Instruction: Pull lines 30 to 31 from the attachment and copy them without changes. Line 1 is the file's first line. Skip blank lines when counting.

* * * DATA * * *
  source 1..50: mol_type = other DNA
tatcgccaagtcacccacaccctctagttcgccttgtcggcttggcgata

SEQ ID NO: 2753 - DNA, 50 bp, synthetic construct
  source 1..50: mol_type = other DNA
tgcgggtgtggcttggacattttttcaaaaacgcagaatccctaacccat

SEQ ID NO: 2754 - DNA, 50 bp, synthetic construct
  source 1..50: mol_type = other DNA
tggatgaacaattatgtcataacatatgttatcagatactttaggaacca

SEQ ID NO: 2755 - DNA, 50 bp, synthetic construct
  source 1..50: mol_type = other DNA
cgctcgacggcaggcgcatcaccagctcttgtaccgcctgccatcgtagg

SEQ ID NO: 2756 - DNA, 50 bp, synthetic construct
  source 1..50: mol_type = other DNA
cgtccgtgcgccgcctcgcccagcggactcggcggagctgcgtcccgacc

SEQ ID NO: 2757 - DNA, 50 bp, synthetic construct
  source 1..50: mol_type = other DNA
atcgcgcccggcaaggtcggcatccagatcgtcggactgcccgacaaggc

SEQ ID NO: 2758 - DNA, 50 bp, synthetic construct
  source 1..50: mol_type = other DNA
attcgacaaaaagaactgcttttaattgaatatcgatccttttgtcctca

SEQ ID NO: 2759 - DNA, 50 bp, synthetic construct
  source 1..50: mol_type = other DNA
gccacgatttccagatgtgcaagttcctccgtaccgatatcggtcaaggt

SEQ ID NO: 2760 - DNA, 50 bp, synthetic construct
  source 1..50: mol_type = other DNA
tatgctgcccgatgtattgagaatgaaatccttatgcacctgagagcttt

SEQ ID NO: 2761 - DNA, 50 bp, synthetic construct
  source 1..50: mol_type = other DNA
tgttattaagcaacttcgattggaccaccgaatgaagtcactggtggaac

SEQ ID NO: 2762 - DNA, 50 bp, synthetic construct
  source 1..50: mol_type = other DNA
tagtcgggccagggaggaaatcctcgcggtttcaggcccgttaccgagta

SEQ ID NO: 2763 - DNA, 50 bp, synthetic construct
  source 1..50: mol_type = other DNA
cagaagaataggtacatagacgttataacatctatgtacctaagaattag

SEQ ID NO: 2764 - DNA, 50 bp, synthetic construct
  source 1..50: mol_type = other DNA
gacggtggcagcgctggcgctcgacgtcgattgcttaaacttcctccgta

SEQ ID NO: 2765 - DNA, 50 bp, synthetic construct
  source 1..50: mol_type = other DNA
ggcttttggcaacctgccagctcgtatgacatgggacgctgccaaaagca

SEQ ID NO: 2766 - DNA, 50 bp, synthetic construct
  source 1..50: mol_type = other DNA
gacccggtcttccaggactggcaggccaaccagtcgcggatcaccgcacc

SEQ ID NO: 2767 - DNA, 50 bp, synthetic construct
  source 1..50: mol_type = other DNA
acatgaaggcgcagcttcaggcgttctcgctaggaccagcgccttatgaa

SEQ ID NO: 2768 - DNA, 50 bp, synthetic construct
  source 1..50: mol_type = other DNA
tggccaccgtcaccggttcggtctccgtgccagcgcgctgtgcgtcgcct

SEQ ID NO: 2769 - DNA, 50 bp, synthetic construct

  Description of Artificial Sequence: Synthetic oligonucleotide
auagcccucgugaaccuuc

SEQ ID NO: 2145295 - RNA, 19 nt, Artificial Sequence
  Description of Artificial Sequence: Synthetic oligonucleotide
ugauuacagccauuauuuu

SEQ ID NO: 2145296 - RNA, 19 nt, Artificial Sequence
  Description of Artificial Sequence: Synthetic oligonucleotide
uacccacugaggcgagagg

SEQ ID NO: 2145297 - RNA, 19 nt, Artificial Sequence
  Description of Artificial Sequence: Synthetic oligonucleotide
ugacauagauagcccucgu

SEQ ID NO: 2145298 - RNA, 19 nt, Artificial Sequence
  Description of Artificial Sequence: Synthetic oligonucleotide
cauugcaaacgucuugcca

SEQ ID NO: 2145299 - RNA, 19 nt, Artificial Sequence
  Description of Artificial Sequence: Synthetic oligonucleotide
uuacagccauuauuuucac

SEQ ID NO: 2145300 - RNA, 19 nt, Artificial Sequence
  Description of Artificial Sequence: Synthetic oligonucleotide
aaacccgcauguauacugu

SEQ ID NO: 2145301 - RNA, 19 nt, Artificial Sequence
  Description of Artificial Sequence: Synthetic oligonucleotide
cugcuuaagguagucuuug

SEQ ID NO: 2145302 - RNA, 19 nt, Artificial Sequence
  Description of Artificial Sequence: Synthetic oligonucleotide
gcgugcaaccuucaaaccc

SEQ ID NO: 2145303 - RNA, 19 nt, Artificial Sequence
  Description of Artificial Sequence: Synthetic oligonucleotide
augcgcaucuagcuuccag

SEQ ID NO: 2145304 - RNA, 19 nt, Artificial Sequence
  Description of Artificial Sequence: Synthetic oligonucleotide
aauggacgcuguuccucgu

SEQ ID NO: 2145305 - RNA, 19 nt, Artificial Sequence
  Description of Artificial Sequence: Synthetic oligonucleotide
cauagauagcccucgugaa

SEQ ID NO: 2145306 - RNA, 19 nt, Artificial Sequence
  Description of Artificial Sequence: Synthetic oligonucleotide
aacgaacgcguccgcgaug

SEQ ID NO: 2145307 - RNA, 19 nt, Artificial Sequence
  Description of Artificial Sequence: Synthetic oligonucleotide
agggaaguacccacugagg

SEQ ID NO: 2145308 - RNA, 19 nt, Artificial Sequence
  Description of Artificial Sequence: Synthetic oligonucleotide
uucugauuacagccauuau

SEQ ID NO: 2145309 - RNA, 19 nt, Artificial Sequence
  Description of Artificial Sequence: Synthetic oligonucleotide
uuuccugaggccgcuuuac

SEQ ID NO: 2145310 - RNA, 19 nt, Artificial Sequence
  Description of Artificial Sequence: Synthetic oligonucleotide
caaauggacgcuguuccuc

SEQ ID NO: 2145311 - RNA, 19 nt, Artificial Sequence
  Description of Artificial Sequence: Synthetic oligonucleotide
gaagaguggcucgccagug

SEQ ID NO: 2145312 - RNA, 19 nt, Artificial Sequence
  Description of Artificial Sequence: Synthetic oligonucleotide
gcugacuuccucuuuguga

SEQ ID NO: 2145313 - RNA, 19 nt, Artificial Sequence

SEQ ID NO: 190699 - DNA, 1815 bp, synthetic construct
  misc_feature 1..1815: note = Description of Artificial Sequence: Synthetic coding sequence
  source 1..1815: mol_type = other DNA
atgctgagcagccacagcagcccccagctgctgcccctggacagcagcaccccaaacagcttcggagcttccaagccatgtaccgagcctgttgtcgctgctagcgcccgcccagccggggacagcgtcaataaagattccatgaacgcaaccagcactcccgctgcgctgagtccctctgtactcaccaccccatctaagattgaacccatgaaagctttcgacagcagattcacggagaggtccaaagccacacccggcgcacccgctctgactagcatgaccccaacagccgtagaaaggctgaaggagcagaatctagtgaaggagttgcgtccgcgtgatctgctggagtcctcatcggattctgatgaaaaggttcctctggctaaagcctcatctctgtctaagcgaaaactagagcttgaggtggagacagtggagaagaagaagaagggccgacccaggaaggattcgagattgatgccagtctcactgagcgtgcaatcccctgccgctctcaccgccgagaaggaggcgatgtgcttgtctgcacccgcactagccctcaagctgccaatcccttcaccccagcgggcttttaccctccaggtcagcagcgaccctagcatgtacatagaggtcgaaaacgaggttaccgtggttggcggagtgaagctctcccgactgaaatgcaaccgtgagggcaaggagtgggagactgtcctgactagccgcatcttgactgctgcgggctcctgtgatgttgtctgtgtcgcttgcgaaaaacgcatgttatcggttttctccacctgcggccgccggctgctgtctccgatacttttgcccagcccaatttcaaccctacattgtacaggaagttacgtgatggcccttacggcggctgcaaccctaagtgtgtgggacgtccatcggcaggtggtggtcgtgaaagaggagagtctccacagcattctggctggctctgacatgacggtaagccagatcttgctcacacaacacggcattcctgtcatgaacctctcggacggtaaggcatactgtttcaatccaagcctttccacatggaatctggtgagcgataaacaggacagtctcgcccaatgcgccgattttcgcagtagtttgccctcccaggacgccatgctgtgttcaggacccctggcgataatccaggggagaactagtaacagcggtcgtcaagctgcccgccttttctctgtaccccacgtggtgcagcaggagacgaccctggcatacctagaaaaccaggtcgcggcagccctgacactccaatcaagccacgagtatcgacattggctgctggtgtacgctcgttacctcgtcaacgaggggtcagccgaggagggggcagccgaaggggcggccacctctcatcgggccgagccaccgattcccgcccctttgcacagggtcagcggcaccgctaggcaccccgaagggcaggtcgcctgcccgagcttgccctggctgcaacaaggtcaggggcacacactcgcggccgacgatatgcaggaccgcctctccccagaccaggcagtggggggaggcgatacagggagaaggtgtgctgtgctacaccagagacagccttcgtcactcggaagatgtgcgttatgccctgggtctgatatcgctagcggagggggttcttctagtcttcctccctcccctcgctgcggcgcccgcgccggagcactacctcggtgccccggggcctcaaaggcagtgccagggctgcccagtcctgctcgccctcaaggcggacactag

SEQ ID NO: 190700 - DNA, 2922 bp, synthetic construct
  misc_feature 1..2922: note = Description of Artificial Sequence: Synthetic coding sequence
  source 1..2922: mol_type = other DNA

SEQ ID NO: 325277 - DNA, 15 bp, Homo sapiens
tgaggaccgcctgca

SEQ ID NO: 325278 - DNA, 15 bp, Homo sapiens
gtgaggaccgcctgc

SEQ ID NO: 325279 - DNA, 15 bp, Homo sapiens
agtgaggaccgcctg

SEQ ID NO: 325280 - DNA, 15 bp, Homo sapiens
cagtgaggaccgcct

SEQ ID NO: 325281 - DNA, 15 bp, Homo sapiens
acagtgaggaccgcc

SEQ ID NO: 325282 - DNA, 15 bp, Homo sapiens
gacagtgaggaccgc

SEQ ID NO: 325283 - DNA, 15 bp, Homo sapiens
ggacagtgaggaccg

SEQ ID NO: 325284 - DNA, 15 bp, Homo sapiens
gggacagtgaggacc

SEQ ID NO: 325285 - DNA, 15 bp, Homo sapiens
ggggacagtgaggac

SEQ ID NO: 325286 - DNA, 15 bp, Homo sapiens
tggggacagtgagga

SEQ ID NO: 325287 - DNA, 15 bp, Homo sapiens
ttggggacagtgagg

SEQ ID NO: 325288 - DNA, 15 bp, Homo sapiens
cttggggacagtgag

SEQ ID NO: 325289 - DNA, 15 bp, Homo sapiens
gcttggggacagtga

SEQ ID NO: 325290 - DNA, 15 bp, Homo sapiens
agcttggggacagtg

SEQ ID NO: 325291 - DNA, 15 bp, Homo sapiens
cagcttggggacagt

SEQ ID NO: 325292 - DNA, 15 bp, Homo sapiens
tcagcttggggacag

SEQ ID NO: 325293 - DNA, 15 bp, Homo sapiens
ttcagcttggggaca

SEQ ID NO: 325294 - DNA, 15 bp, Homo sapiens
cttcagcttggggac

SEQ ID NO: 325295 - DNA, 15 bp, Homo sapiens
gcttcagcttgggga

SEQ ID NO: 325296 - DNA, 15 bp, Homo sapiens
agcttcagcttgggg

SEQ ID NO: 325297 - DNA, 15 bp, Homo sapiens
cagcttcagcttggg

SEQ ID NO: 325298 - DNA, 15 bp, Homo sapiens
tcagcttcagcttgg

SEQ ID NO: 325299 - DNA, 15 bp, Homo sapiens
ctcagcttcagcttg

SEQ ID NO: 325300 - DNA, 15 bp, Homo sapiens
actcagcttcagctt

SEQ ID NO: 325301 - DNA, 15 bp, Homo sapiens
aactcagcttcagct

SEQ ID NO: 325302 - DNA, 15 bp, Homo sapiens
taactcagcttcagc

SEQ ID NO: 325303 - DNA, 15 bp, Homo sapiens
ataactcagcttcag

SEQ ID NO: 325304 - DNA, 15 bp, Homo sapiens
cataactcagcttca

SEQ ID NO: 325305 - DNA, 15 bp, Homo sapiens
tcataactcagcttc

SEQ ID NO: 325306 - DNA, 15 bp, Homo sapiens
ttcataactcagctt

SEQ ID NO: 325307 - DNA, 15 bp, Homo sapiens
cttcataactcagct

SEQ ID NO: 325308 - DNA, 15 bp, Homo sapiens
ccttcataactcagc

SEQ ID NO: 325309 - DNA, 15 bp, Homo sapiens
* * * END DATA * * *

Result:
SEQ ID NO: 2762 - DNA, 50 bp, synthetic construct
  source 1..50: mol_type = other DNA